IFOAM EU welcomes the agreement on a new Fertiliser Regulation

IFOAM EU welcomes the agreement on a new Fertilising Product Regulation (FPR), reached after almost two years of negotiations. Around half of the  fertilisers on the EU market are currently not covered by the existing legislation. The revised text, which will replace Regulation 2003/2003 from 2022, will include not only mineral fertilisers but also organic and waste-based fertilisers as well as biostimulants.The legislation is a central point of the European Commission’s Circular Economy Action Plan launched in December 2015.

The new Fertiliser Regulation offers  optional  harmonisation, meaning  that a fertiliser will have to meet the requirements of the new regulation in order to be CE marked (exported within the EU), but that Member States will still have the possibility to set specific rules for their internal market. Furthermore, mutual recognition of products will still possible. Some important points include:

The limit of cadmium in phosphate rock will  be limited three years from entry into force of the regulation to 60 mg/kg. After seven years of entry into force of the regulation a review  of  the limit values for cadmium content in phosphate fertilisers, with a view to assessing the  feasibility of reducing these limit values, needs to be performed on basis of the latest technological and scientific developments.

As of the  moment of compliance with all the requirements of the Regulation, struvite, biochar and ash-based products will be included in the new Regulation. In an EGTOP(1) report from 2016, struvite was assessed and found to be in line with the organic farming  principles and therefore,the subsequent addition onto Annex I of the Organic Regulation (EC) No 889/2008 should be considered in a timely manner. Since rock phosphate is a non-renewable source, the recovery of nutrients from organic materials already in circulation should become a higher priority, to reduce the dependency of farms on imported nutrients and to reduce pressures on the environment and health.

Plant biostimulants are substances that‘ stimulate plant nutrition processes independently of the product’s nutrient content’ and they will also be regulated under  the new fertiliser Regulation. IFOAM EU generally welcomes this step but regrets that the definition of biostimulants is limited to those that enhance the “tolerance to abiotic stress”, as in practice it is not always possible to distinguish sharply between biotic and abiotic   stress factors. The registration procedure for biostimulants should  not  repeat  the  situation of the  plant  protection  legislation  (EC)  No  1107/2009 where the authorisation process is designed for “synthetic” molecules and present many difficulties for naturally occurring substances which have an existing natural background exposure. Furthermore, the process should be proportionate to the potential risks of such natural substances and should consider existing traditional use.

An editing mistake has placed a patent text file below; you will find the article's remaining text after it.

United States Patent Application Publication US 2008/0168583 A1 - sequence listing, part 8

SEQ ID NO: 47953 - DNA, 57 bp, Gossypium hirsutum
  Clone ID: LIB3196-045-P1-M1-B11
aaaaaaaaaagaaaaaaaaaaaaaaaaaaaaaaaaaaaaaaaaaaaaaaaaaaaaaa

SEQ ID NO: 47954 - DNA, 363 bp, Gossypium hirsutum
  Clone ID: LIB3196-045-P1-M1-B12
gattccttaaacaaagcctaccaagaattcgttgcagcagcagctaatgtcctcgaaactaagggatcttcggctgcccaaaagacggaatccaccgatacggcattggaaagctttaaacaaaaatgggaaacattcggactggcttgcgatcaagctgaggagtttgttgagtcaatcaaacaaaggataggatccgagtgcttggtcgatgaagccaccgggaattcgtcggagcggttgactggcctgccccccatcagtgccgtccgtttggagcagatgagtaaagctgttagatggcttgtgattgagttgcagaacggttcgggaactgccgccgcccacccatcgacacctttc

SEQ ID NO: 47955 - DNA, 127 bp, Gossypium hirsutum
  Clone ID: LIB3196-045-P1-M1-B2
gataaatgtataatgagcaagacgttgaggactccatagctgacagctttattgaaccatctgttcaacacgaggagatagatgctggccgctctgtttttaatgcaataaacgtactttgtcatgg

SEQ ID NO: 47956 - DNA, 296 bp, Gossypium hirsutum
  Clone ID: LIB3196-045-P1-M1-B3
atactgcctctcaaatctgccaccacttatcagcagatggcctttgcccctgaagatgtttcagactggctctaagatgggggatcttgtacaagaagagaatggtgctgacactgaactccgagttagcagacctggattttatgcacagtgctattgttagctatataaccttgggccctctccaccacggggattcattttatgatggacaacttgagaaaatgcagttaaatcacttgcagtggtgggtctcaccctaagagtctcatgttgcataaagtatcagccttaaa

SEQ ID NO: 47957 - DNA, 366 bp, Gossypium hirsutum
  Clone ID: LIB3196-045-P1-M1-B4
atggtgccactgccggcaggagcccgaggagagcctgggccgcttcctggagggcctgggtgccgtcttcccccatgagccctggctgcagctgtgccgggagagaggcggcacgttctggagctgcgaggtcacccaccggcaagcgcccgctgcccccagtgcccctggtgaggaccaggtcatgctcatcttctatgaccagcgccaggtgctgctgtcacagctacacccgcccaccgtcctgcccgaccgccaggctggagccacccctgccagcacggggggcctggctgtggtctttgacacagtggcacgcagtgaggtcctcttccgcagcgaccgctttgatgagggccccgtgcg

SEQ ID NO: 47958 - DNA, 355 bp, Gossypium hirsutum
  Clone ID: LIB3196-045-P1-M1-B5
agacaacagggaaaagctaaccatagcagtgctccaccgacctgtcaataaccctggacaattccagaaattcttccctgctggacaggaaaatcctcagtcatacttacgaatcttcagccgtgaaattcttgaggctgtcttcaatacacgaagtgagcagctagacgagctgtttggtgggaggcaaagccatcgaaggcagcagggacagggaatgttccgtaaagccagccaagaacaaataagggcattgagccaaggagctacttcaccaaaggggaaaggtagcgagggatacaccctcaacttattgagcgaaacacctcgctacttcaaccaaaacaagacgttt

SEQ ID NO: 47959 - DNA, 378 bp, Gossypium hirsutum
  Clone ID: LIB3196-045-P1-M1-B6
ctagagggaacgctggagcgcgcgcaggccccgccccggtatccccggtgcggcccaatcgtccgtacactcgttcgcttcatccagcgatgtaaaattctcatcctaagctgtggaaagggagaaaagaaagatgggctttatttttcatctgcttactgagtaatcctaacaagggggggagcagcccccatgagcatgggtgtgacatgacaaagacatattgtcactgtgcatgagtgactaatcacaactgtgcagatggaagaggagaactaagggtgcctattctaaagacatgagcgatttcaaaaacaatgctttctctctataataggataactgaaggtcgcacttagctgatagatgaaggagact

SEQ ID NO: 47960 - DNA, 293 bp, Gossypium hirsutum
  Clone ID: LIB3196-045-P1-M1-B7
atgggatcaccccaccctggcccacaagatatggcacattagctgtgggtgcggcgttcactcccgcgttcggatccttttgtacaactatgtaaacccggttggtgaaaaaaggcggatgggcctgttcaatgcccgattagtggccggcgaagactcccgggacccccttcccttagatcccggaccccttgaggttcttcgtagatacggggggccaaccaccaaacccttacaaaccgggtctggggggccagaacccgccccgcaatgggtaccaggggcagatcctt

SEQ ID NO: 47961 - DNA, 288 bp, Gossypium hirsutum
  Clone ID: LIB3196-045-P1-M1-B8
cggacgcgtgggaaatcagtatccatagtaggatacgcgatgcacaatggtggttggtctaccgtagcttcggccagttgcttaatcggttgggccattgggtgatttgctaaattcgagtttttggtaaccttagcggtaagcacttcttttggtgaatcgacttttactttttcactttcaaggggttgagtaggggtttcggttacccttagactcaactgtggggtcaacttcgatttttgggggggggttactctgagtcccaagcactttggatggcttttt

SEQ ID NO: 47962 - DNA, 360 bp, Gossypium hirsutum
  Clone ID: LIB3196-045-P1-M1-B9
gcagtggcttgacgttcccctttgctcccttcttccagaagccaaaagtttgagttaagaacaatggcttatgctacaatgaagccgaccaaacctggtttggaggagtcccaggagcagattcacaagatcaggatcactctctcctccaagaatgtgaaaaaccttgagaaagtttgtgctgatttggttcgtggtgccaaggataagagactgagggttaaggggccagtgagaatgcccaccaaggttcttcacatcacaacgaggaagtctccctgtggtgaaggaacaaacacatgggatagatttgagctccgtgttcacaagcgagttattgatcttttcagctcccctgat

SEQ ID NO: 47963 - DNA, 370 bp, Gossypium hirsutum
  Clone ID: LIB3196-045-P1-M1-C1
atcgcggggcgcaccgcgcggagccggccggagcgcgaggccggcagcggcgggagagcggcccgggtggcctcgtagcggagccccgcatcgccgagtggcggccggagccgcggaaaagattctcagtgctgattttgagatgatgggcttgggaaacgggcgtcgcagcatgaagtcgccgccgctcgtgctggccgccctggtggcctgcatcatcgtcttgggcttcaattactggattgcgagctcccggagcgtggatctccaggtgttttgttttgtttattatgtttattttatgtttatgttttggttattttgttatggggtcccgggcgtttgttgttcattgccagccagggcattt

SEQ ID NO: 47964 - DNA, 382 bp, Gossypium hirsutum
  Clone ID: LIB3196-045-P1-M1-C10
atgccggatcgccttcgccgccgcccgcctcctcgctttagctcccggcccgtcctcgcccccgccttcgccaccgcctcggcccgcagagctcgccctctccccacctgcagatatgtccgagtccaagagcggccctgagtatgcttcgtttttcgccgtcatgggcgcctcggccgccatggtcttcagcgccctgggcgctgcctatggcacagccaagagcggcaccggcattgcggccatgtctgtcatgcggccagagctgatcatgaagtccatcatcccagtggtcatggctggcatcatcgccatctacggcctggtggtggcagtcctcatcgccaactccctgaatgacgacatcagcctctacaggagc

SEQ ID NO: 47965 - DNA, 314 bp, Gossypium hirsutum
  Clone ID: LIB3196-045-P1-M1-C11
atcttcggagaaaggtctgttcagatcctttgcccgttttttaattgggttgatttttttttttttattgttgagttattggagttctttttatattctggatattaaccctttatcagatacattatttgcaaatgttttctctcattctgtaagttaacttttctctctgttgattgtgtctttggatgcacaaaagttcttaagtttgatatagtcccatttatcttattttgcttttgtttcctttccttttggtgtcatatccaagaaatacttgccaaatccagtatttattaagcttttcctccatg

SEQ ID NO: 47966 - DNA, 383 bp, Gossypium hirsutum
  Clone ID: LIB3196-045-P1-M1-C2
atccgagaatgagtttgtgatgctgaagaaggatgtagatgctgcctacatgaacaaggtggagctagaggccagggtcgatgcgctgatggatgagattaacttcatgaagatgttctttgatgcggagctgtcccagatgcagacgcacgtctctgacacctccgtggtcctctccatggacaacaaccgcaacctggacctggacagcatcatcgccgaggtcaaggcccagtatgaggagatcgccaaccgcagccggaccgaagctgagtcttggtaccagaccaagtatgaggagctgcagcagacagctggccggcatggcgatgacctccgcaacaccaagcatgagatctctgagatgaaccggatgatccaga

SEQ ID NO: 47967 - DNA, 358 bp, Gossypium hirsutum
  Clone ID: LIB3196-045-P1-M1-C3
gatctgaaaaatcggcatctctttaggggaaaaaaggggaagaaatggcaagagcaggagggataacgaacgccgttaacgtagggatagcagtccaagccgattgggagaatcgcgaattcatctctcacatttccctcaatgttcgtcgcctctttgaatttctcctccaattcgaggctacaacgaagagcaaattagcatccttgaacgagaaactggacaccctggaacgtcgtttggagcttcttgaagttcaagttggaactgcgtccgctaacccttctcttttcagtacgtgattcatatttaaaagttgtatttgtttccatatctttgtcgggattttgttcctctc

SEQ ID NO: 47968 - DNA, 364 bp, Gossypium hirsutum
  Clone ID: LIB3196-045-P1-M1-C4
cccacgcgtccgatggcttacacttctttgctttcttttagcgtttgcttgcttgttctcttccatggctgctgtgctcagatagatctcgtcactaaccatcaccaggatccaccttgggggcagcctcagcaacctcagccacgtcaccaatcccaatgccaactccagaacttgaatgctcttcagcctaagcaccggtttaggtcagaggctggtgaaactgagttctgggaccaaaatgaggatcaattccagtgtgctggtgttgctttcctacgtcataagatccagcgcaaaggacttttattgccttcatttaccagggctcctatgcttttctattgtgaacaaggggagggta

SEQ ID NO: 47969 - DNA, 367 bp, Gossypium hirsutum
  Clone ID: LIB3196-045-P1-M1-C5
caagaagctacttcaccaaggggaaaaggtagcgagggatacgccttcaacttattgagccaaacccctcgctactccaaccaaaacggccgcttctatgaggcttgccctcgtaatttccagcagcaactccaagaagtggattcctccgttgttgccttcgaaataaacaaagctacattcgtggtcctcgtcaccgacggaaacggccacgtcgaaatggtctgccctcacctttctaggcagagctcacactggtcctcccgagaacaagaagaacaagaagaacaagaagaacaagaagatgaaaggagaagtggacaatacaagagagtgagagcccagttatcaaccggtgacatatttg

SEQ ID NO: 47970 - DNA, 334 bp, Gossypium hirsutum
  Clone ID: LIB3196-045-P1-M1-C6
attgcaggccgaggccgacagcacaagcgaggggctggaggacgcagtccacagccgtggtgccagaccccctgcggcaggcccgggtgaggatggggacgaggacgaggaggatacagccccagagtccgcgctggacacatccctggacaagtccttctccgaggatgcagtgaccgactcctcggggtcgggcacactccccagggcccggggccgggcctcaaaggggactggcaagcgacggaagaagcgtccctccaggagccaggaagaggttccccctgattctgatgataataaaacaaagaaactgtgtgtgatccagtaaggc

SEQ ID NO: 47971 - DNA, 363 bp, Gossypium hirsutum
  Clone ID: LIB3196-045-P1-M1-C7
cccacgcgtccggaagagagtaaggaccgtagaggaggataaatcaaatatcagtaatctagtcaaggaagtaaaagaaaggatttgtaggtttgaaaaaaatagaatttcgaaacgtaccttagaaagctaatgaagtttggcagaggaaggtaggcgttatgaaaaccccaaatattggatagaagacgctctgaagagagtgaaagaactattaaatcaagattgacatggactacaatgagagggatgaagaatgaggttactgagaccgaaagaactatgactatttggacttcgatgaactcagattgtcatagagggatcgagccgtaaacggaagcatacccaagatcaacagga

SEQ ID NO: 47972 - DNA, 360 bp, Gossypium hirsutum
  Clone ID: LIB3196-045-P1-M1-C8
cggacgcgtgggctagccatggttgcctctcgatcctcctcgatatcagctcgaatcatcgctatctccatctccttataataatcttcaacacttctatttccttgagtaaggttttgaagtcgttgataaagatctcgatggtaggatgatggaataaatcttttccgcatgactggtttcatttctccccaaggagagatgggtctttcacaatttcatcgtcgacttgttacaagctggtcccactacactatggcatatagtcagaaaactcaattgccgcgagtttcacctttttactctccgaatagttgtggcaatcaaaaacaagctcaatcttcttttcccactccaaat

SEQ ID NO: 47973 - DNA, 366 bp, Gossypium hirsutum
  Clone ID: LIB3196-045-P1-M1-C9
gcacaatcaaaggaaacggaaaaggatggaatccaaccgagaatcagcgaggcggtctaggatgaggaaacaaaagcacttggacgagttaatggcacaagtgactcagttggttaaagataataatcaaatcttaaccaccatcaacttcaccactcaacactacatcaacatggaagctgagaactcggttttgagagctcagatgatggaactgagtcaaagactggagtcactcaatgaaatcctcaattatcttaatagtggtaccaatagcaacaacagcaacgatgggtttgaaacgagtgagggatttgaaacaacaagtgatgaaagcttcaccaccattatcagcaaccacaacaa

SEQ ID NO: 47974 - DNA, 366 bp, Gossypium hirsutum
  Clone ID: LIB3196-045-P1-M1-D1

IFOAM EU regrets that  a fertilising product under the new regulation may contain only certain microorganisms (azotobacter spp, mycorrhizal  fungi, rhizobium spp, azospirillum spp). There are many other species and their consortia which are of interest to farmers and which are already used at the national level. Furthermore production processes other than drying or freeze-drying, such as fermentation, are also used,but are ignored by the wording of the new Regulation. Finally,  although  use  of  animal  manure  and  farm-produced  compost  not  labelled  with  the  CE mark remains outside the scope of the EU fertiliser legislation, it is important to ensure that the recycling of  farm  residues will not behindered  by  disproportionate  administrative  burdens  and  quality controls. As  the  availability  of  the  right  amount  and right  quality of  nutrients is an important topic for the future of organic  farming, and as closed nutrient cycles are a corner stone of organic farming practices,the  organic movement will  continue  working on  the  topic  of  nutrient  recycling.  More information on our current work done in the  course of the Horizon  2020 RELACS project can be found here.

1 The  Expert  Group  for  Technical  Advice  on  Organic  Production  (EGTOP)  is  a  group  of  independent  expertswhich  delivers technical  recommendations  to  the  EU  Commission.  Following  specific  mandates  from  the  EU  Commission,  the  EGTOP produces  reports  with  opinions  whether  given  substances  or  techniques  are  in  line  with  the  principles  oforganic production.  Thoserecommendations are not  binding but the Commission must consider them when  updating  the organic regulations, mainly the Annexes of Reg. (EC) No 889/2008.

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